Why 40% Of Vietnamese People Have The Same Last Name
The 14 most popular last names in Vietnam account for well over 90 percent of the population. The 14 most popular last names in the US? Fewer than 6 percent. In Vietnam, the most popular last name is Nguyen.
The School Shooting That Austin Forgot
John Ray barely remembered the details of that day—May 18, 1978—when a friend at his Austin junior high school walked into class and, in front of Ray and twenty other eighth graders, shot and killed their teacher, Wilbur “Rod” Grayson. Ray and his classmates still wonder: What really happened?
The Rise And Fall Of Pan Am
Pan Am was once the largest international airline in the US. In 1970 alone, it carried 11 million passengers to 86 countries worldwide. But after 60 years of flight, decades of financial turbulence, and a devastating terrorist attack above the skies of Lockerbie, Scotland, Pan Am went bust.
Spanish Flu: A Warning From History
Celebrations marking the end of the First World War were cut short by the onslaught of a devastating disease – the 1918-19 influenza pandemic. The University of Cambridge has made a new film exploring what we have learnt about Spanish Flu, the urgent threat posed by influenza today, and how scientists are preparing for future pandemics.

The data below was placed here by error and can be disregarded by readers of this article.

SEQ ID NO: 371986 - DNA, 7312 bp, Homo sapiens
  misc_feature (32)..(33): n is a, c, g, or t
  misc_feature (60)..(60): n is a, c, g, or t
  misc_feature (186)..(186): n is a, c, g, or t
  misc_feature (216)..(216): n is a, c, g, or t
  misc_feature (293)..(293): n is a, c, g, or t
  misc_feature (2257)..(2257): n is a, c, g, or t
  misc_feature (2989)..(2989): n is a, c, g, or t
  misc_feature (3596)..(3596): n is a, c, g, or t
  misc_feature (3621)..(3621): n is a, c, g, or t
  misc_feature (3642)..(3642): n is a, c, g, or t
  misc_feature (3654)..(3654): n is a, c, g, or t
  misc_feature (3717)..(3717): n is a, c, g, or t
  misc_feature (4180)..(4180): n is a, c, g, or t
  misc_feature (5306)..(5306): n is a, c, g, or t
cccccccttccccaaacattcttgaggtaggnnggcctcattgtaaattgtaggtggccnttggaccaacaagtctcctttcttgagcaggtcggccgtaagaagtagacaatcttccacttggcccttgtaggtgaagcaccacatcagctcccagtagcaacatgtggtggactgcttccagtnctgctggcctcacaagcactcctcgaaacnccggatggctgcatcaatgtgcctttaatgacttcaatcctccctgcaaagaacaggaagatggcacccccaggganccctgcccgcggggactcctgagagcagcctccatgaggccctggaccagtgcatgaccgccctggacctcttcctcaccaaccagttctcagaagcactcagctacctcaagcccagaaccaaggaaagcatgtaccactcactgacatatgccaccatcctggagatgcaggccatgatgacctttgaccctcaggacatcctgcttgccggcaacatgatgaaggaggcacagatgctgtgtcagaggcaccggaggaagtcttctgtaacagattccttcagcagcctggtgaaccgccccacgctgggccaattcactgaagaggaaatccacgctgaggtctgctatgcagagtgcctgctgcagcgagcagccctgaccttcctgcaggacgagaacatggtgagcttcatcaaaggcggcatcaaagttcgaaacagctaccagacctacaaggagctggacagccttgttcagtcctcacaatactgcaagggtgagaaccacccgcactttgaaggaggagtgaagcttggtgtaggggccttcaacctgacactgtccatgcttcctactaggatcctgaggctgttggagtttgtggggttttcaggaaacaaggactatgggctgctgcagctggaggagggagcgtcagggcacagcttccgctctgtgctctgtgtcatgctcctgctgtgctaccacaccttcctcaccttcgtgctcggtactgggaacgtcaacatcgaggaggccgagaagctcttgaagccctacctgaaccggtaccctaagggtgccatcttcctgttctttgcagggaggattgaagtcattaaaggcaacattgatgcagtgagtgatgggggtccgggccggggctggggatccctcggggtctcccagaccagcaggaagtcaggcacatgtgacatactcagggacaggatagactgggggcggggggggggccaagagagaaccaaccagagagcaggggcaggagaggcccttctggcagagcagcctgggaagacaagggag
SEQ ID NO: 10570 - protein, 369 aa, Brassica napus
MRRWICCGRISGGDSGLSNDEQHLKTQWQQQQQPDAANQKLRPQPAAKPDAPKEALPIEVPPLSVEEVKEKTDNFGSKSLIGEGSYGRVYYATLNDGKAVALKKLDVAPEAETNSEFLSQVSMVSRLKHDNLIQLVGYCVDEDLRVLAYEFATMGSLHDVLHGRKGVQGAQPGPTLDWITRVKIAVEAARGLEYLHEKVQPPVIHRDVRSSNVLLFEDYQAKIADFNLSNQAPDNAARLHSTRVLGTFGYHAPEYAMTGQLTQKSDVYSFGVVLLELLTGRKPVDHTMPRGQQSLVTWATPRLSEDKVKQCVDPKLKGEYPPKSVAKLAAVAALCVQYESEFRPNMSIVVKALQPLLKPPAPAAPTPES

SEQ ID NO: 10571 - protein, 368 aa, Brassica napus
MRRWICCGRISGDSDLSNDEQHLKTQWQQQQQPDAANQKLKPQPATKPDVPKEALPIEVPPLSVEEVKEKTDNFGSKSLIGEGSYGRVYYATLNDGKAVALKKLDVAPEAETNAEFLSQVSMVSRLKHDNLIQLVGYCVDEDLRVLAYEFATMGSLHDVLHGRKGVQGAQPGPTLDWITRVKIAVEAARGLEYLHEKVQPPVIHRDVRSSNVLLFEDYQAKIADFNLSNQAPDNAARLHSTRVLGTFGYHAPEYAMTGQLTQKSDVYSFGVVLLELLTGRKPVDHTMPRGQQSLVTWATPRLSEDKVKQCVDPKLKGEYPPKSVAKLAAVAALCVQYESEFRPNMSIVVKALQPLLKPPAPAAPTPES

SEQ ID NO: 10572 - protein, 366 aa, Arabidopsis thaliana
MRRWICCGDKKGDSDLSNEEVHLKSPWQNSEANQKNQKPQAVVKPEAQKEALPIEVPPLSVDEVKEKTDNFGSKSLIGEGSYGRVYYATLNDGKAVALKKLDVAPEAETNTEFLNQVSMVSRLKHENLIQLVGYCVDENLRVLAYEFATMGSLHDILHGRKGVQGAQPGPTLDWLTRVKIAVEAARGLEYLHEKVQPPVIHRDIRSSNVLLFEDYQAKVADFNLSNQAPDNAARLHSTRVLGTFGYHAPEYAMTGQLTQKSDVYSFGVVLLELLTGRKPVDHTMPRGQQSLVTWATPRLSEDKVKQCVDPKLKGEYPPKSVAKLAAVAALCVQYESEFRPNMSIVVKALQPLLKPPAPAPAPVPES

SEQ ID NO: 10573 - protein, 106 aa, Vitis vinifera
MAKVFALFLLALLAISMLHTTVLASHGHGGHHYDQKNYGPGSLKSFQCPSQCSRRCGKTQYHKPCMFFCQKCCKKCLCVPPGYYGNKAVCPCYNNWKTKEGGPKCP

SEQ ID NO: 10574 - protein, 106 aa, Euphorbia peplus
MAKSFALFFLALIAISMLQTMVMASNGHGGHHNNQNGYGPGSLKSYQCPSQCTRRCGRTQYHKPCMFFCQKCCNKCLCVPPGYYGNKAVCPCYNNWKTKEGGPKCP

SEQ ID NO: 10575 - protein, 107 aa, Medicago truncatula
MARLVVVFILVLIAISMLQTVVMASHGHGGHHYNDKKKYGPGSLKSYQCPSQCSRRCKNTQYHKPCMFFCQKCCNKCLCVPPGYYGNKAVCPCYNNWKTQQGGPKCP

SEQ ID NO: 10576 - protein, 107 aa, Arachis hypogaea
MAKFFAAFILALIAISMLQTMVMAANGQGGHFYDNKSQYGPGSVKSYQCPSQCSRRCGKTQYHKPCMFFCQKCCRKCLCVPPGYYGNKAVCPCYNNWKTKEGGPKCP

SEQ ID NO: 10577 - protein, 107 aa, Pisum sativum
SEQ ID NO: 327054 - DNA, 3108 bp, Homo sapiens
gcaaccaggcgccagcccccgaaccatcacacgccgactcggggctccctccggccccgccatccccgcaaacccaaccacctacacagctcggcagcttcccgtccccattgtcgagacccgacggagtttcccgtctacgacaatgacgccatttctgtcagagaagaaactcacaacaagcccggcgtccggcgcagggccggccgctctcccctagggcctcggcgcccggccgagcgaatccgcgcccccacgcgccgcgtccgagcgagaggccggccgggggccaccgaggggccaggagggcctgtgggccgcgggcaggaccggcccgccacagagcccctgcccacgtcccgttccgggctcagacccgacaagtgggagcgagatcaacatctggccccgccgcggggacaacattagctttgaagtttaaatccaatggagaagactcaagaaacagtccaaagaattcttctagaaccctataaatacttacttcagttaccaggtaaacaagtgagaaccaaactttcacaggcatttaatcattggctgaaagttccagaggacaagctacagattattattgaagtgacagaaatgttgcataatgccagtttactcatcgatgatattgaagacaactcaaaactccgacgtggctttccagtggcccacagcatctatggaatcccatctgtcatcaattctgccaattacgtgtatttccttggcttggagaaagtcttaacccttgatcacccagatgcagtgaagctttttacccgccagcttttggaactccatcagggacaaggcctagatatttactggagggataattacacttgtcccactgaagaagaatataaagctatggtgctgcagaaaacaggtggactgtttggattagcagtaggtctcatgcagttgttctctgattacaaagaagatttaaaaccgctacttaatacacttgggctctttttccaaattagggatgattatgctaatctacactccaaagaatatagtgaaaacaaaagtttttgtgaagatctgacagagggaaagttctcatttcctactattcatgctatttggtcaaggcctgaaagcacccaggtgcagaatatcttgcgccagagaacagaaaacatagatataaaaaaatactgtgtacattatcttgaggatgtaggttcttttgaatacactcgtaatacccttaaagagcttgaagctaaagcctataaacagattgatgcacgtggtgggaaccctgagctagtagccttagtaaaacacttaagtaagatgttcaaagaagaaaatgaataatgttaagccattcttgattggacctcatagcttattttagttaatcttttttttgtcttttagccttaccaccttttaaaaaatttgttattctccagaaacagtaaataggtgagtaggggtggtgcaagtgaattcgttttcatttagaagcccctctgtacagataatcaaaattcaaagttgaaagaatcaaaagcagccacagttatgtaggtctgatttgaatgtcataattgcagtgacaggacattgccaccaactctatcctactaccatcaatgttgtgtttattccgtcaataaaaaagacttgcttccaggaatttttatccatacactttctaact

A Trip To The Cirque Of The Unclimbables
It’s among the most beautiful eyefuls of landscape I’ve ever seen — its rock walls more overpowering than Zion’s, in Utah, its evening light more perfect than Hawaii’s, its peaks more menacing than Denali, and its stillness more complete than the deep rainforests of the Olympic Peninsula.
The Last Time Democracy Almost Died
The last time democracy nearly died all over the world and almost all at once, Americans argued about it, and then they tried to fix it. What can we learn from the upheaval of the 1930s?
Why Are Millions Of Chinese Kids Parenting Themselves?
Generations of Wang Ying’s family farmed the misty mountains of Liangshan, one of China’s poorest regions. But now, the 14-year-old girl lives on her own as the sole caretaker of her two younger siblings. They are among an estimated 9 million “left-behind children” raising themselves in the Chinese countryside.
The Bomb Didn’t Beat Japan… Stalin Did
The US bombed Hiroshima and Nagasaki, when the Japanese finally succumbed to the threat of further nuclear bombardment and surrendered. The support for this narrative runs deep. But there are three major problems with it, and, taken together, they significantly undermine the traditional interpretation of the Japanese surrender.
You Can Hike To A 1950s Plane Wreck In Alaska’s Talkeetna Mountains
The Bomber Glacier is aptly named. It comes from the wreckage of a TB-29 Superfortress that crashed on the glacier at the end of a training mission in 1957, killing six of the 10 crewmembers. The airplane, strewn across the ice, has sat where it touched down for more than 60 years ago.
The People Who Shaped The World Wide Web
Thirty years ago, the world wide web was a way for scientists to share data. Since then, it’s become a critical force for industry, and how the world connects. But this didn’t happen all at once. The web’s evolution has been shaped by the geography of its creators and users.
How Shenzhen Is Fueling Ethiopia’s Burgeoning Startup Scene